The optional reviver argument to JSON.parse() is a function that filters and transforms the results . It accepts two arguments, key and value. The reviver is invoked with each of the key-value pairs generated by the parse, and its return value is used instead of the original value. If the reviver returns what it received, the structure is not modified. If the reviver returns null or undefined, the property is deleted from the result. In the example below reviver transforms all date strings to date objects (and transforms these from Greenwich Mean Time (Zulu time) to local time in the browser's time zone.

function reviver (key, value) {
   var num = Date.parse(value);
   if (num) {
       return new Date(num);
   }
   return value;
}
var json = '{ "firstName":"Kim", "registrationDate" : 
                                 "2012-05-20T11:20:00.000Z" }';
var student = JSON.parse(json, reviver);
alert(student.registrationDate);    // => Sun May 20 06:20:00 CDT 2012

Serializing objects into the JSON format with JSON.stringify()

The JSON.stringify() method does the reverse of JSON.parse() and converts a JavaScript object into a JSON-formatted string. The optional replacer argument to JSON.stringify() is a function filters and transform the way a value is stringified. It accepts two arguments, key and value. In the example below, the properties with scores less than 40 are filtered out:

var scores = { "Java": 70, "JavaScript": 80, "C#": 30 };  
var passed = JSON.stringify(scores, function (key, value) {
       if (value < 40) {
          return undefined;
       } else {
          return value;
       }
});
alert(passed);   // {"Java":70,"JavaScript":80}
Run



Using JSON with AJAX

JSON is frequently used with Ajax. The example below demonstrates a common situation of converting a JavaScript object to JSON, using JSON.stringify(), and then sending it to the server using Ajax. It also demonstrates the reverse of receiving a JSON-formatted response from the server and converting it into a JavaScript object by using JSON.parse().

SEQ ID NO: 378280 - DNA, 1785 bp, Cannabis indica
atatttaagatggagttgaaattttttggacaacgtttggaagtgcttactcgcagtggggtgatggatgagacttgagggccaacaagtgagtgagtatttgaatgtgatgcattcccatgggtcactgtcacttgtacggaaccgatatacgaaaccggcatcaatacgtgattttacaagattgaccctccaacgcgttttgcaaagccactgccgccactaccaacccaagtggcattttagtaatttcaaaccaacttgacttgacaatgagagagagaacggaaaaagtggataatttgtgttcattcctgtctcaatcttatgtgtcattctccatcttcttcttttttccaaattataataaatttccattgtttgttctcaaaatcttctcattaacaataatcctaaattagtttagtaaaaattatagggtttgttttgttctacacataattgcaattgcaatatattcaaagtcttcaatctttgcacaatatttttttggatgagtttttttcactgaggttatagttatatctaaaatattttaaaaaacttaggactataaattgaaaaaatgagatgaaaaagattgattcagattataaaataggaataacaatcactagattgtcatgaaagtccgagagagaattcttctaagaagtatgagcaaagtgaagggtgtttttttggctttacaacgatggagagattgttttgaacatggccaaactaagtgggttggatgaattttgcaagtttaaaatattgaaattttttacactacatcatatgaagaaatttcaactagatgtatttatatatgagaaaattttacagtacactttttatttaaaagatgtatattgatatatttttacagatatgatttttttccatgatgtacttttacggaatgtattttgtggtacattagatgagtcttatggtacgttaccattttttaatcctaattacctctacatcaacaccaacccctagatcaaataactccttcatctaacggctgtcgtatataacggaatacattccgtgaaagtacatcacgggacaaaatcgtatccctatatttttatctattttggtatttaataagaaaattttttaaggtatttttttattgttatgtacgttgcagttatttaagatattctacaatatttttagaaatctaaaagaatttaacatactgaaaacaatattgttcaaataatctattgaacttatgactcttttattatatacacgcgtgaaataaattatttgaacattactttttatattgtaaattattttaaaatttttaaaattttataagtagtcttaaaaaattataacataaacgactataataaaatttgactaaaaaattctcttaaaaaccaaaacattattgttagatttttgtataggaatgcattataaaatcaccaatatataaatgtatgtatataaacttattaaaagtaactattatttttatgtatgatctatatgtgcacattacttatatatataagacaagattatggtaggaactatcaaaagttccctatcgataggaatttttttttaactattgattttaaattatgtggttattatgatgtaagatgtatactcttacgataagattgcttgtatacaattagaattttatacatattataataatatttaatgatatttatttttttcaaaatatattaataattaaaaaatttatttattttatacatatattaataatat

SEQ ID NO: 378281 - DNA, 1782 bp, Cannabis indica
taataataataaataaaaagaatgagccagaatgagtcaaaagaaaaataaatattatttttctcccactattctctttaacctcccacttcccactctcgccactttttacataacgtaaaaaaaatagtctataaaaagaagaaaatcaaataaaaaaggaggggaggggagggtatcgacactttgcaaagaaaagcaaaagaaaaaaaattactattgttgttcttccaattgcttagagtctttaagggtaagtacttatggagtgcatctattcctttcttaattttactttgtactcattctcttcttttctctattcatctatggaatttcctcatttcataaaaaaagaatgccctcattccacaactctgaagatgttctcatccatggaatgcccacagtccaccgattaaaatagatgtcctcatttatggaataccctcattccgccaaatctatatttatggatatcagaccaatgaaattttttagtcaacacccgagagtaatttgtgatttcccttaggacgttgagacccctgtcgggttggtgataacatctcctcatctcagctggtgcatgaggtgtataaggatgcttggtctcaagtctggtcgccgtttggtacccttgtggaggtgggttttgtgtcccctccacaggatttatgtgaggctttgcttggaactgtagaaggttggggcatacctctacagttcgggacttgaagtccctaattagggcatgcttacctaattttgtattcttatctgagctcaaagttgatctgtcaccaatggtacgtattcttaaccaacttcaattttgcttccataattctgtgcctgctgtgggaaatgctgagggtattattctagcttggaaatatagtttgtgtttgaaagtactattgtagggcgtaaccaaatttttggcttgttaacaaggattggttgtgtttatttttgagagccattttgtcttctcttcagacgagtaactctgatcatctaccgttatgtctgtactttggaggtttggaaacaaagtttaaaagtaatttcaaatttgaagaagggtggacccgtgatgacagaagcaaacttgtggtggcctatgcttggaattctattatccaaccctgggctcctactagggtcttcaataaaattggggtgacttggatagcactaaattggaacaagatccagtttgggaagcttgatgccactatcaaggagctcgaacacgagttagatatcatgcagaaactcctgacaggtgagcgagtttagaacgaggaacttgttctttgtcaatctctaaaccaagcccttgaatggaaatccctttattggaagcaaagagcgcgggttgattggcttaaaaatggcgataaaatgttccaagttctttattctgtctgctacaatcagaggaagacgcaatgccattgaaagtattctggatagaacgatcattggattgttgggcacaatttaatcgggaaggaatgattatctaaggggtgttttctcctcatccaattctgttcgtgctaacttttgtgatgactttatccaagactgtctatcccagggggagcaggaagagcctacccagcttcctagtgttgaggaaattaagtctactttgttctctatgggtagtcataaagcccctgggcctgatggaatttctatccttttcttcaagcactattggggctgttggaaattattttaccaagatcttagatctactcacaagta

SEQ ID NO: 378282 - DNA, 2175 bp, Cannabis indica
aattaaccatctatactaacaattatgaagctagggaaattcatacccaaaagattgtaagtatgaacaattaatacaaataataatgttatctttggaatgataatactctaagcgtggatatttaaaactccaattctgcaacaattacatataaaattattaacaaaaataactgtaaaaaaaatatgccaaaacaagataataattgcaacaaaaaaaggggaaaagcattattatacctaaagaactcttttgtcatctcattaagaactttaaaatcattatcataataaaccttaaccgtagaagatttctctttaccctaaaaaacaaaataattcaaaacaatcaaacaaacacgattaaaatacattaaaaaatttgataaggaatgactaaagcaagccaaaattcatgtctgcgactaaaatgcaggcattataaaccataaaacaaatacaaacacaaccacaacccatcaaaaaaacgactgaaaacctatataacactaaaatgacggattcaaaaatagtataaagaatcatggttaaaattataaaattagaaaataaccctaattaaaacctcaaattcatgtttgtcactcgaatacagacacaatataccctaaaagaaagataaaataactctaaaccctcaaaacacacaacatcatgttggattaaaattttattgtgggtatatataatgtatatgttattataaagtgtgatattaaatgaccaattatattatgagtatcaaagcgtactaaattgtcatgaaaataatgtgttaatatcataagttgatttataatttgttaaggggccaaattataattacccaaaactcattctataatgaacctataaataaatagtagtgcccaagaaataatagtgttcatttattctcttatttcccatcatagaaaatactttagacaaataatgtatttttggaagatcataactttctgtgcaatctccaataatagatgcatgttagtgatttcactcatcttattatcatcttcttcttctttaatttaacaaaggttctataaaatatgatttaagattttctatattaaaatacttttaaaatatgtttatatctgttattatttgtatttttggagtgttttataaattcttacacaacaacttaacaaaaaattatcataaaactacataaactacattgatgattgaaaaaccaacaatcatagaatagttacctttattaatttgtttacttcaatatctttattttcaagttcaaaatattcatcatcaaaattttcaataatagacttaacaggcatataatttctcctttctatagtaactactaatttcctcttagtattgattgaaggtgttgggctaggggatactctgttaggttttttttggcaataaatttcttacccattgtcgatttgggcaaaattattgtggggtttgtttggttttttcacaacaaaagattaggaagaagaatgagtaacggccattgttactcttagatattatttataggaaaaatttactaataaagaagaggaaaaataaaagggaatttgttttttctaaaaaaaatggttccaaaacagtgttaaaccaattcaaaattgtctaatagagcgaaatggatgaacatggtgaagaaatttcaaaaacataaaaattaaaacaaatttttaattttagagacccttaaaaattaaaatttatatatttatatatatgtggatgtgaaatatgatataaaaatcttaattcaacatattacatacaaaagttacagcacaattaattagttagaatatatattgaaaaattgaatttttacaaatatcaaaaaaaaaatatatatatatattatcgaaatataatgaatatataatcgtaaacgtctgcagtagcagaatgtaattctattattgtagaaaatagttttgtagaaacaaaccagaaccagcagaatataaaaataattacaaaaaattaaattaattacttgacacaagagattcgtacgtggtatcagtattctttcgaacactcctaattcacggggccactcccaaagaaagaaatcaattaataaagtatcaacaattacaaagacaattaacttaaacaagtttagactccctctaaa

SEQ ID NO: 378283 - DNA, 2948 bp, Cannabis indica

// Get the browser specific XmlHttpRequest
function createXHRObject() {
    if (window.ActiveXObject) { // IE
       return new ActiveXObject("Microsoft.XMLHTTP");
    }  else if (window.XMLHttpRequest) {
       return new XMLHttpRequest();
    }
}
function getStudentScore() {
    var student = new Student("Kim","Taylor", "JavaScript Training");
    var json = JSON.stringify(student);
    var xmlHttp = createXHRObject();
    // open the connection to the web server with the 
    // XMLHttpRequest object.  score.php is the web server's 
    // page from where we will get the JSON response
    xmlHttp.open("POST", "score.php", true);
    // stores the name of a function to be called 
    // automatically each time the readyState property changes
    xmlHttp.onreadystatechange = handleServerResponse;
    // send the header information along with the request
    xmlHttp.setRequestHeader("Content-type", 
                             "application/x-www-form-urlencoded");
    xmlHttp.setRequestHeader("Content-length", json.length);
    xmlHttp.setRequestHeader("Connection", "close");
    
    // send the JSON-encoded Student object to the server 
    // using the XMLHttpRequest object
    xmlHttp.send(json);
}
function handleServerResponse() {
    // readyState holds the status of the XMLHttpRequest.
    // 4 means the request is finished and response is ready.
    if (xmlHttp.readyState == 4) {
        if (xmlHttp.status == 200) {  // 200 indicates okay
          // Deserializing JSON text into the JavaScript object
          var studentScore = JSON.parse(xmlHttp.responseText);
          // do something with it ...
        }
    }  else if (xmlHttp.status == 400) { // 400 indicates file not found
       //report error
    }
}

As far as the Ajax part is concerned most web sites will use a library such as jQuery and let it handle browser differences. Using jQuery significantly reduces the size of the code as demonstrated below:

function getStudentScore() {
    var student = new Student("Kim","Taylor", "JavaScript Training");
    var json = JSON.stringify(student);
    $.post("score.php", json, function (data) {
        var studentScore = JSON.parse(data);
        // do something with it ...
    }, "json" ); 
}